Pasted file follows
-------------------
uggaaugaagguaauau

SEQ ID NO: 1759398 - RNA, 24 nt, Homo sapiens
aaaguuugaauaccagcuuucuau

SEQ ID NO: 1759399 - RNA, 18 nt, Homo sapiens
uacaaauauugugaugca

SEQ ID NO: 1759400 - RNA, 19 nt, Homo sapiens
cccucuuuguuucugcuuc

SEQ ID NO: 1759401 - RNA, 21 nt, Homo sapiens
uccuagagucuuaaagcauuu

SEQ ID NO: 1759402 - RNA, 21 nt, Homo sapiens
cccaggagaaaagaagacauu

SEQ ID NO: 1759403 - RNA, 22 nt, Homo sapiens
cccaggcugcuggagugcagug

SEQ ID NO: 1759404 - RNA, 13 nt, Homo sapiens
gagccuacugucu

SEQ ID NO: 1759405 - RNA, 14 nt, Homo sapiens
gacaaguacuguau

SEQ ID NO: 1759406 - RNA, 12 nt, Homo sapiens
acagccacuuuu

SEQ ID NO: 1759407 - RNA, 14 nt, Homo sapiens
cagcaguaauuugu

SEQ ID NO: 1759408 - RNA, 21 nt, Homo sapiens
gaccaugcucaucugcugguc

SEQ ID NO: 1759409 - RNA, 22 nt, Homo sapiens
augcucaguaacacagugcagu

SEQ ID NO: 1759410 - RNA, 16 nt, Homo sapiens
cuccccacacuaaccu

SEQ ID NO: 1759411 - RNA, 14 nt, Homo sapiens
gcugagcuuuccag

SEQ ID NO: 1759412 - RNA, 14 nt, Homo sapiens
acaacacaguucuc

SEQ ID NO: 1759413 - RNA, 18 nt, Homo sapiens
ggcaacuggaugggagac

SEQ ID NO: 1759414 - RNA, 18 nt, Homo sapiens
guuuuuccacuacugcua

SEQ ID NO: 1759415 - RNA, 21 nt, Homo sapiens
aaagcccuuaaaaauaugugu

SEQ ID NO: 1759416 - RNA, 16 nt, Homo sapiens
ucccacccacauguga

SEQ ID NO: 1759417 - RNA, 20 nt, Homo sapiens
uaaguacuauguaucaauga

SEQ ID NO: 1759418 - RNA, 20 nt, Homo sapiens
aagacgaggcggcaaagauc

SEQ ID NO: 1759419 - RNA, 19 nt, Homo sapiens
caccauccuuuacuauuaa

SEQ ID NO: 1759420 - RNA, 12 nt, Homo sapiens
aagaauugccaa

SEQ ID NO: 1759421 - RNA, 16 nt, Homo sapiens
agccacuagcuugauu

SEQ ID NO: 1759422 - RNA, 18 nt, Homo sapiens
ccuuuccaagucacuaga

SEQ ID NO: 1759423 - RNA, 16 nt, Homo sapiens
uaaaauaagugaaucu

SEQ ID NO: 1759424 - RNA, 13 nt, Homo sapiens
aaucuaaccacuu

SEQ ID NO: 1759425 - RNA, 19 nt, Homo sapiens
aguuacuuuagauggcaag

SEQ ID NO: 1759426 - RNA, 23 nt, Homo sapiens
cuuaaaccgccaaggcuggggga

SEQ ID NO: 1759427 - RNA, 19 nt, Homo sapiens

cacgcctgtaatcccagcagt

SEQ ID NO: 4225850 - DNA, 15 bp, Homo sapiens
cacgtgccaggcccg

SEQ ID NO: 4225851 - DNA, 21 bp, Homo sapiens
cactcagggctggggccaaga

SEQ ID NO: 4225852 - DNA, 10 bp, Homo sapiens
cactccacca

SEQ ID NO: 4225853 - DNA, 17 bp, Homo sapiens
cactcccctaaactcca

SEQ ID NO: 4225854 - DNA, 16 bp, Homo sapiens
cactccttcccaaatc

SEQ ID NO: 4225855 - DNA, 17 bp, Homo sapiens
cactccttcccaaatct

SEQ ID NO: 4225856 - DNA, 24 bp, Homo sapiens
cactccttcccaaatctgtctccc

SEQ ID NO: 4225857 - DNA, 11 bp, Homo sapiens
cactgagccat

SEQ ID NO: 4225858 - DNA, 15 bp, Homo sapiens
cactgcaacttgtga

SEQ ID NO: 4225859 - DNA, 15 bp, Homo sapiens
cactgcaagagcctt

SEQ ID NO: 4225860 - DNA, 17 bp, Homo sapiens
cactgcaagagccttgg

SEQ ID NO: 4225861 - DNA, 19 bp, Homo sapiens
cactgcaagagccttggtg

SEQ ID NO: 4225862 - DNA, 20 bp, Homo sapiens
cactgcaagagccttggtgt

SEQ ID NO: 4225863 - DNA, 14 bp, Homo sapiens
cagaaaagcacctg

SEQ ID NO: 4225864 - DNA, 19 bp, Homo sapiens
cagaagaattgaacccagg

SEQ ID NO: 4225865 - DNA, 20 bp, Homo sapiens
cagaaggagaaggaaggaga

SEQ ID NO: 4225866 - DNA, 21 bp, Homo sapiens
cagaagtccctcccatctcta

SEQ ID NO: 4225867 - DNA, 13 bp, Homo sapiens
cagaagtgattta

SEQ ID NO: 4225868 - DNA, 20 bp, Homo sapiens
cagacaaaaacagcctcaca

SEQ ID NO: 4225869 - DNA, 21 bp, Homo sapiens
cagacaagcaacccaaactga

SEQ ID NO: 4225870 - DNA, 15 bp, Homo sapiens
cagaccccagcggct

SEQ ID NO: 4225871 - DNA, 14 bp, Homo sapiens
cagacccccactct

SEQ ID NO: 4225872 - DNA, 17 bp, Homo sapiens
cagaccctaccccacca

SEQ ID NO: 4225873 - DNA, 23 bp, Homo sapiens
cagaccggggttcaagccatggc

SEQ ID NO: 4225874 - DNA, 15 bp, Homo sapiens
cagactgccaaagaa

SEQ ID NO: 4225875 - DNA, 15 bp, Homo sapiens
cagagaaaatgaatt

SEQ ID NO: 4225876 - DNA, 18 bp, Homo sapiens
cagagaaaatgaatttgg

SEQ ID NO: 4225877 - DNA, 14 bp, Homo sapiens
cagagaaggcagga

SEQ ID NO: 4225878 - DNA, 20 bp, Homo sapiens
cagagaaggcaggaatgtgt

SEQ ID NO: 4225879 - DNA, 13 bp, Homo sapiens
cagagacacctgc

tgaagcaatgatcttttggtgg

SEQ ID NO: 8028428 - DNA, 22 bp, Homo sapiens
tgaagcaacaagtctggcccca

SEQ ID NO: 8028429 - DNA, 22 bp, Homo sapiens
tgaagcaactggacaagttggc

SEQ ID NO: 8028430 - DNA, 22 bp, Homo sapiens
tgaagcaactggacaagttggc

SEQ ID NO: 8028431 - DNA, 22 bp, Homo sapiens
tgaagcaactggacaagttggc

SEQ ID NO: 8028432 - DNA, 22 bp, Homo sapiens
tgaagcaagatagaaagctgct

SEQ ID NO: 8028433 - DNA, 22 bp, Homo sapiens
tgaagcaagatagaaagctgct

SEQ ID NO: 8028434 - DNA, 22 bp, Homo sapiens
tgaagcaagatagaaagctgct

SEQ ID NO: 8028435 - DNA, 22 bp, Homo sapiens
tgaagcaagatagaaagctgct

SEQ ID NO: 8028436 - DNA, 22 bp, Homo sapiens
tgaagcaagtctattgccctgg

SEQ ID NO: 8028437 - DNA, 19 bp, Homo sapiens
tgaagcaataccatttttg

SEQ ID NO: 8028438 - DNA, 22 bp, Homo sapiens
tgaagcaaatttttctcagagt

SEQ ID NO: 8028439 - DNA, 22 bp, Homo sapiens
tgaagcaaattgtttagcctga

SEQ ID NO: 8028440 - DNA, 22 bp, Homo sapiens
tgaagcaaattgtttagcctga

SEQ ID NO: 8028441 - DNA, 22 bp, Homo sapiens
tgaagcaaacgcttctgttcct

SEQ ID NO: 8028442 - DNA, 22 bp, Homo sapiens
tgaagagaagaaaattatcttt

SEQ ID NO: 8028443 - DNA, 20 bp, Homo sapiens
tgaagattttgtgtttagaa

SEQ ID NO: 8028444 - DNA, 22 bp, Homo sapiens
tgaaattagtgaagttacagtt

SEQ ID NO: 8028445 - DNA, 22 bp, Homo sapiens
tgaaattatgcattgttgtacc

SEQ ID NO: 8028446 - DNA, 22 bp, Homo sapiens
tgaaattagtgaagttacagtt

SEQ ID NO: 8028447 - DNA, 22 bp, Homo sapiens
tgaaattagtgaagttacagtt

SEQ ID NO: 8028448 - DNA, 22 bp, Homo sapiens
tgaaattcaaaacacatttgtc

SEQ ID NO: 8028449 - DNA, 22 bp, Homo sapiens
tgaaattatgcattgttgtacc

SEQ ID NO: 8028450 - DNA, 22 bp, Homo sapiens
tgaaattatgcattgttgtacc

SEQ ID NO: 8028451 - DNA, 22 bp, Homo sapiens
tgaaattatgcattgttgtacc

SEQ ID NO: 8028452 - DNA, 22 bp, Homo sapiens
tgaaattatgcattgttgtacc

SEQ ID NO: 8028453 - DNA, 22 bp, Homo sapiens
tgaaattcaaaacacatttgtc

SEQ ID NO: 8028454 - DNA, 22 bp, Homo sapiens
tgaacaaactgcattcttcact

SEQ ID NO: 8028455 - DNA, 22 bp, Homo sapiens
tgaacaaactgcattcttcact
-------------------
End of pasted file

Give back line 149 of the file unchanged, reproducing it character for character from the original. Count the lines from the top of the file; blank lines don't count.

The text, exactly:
SEQ ID NO: 8028441 - DNA, 22 bp, Homo sapiens